Object classification issues happen next – when the Perception software decides what label to attach to the object. Since identification happens in real time, a single tracked object will often have multiple object classifications attached to it over time. It’s not unusual, for example, to classify an object as unknown when it first pops into view. From a distance, the point cloud may be small or heavily occluded and it may be difficult or impossible to determine the size and shape of the object. As it comes closer to one or more sensors, however, the point-cloud density will (usually) grow and the Perception software will classify an object from among the set of types it is built to distinguish. Out-of-the-box, most lidar perception software systems have a default set of objects they identify with the most common being person, vehicle, large vehicle and bicycle. In theory, however, almost any object can be identified by a point-cloud and there is no reason why Perception software could not identify wheel-chairs, deer, roller suitcases or boat types. If a shape is reasonably distinctive, then lidar should be able to classify it. That being said, only at the Perception software level is the full detail of the point-cloud available. Once the Perception software has classified something, all that detail is lost. The Analytics or People-Measurement piece doesn’t have any information about the shape of the point cloud and cannot be used for custom classifications.


Fusion problems commonly occur when the lidar system loses track of an object. This can happen for many reasons but often it’s as simple as the object being blocked (occluded) briefly from view. Sometimes, a measurement system will have gaps in its coverage where all objects are missed. But even when coverage is complete, every lidar system is vulnerable to occlusion. Think about a small child surrounded by a family. Unless the lidar is directly above the child, its line-of-sight will be blocked. In crowds, occlusion can and will happen ALL the time. It will happen at random points throughout the scene and in very unpredictable ways. When that happens, a lidar system will typically issue a new object identifier when the object becomes visible again. What started out as Person X is now Person Y. This track breakage is endemic in both camera and lidar people-measurement system and it has a devastating impact on full-journey metrics. If a track breaks 2 or 3 times during a visit, then reported number of visits will be 3x the actual, their average time spent will be 1/3 the actual, and it will be impossible to map the success of behaviors in the first two segments to outcomes in the third.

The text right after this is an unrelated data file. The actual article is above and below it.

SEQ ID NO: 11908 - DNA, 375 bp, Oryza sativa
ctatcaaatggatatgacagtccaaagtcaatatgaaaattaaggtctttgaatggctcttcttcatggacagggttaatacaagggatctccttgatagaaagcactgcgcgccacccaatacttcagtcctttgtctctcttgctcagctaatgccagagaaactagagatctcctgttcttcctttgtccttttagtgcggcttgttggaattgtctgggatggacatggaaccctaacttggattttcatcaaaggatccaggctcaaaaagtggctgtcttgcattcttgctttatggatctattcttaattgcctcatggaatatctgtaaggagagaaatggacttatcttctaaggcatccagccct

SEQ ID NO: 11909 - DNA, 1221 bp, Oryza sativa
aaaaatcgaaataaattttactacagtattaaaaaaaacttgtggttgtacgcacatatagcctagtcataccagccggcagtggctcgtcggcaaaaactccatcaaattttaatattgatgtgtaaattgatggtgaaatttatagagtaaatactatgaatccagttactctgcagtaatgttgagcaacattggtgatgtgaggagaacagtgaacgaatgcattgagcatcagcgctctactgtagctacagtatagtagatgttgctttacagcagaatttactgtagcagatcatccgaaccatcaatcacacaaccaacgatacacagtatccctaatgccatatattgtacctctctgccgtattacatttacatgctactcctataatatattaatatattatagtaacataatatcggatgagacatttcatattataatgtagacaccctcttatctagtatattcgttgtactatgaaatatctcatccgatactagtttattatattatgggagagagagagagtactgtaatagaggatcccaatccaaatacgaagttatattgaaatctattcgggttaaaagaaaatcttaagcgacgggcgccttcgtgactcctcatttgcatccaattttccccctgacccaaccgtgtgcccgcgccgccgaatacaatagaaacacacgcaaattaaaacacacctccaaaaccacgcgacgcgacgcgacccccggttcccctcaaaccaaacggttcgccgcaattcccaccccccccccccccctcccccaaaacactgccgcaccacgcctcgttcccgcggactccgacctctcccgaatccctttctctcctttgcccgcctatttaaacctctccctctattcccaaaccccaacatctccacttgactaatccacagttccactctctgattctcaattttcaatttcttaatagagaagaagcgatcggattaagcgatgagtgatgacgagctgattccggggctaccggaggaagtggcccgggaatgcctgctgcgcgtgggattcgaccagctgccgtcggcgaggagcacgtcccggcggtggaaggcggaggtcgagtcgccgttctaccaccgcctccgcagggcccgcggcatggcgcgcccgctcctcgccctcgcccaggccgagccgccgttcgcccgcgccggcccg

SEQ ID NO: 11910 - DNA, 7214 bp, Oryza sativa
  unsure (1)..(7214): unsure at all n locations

Finally, lidar systems sometimes have issues with the start or end of a track. In particular, most systems will take 1-2 seconds before they identify a new object in a space. That may not seem like a big deal, but that delay can be impactful. Suppose you’re counting ins and outs at an entrance by measuring the number of tracks that start on one side of the door and move to the other side. If the lidar is outside the door, then it will have plenty of time to identify and track every object that starts outside the door and goes through it. Your IN count should be close to perfect. But objects emerging from the door might not be identified for a second or two after they appear. That means your count of people coming out of the door may be too low or even zero. It will look as if people just appeared in the area with the lidar – perhaps a foot or two beyond the door. The asymmetry between start and stop can plague implementations that aren’t used to lidar data. Lidar systems may also have difficulty deciding when to stop tracking an object. When tracking curbside, we see that many lidar systems will track a person into a car and then continue to track them as the car motors away – our software showing a person and a car in the same space with a person moving very fast for a few seconds! That’s not always a big deal, but it’s the kind of mistake that can mess up metrics, near-miss detection, safety triggers, and even basic counting.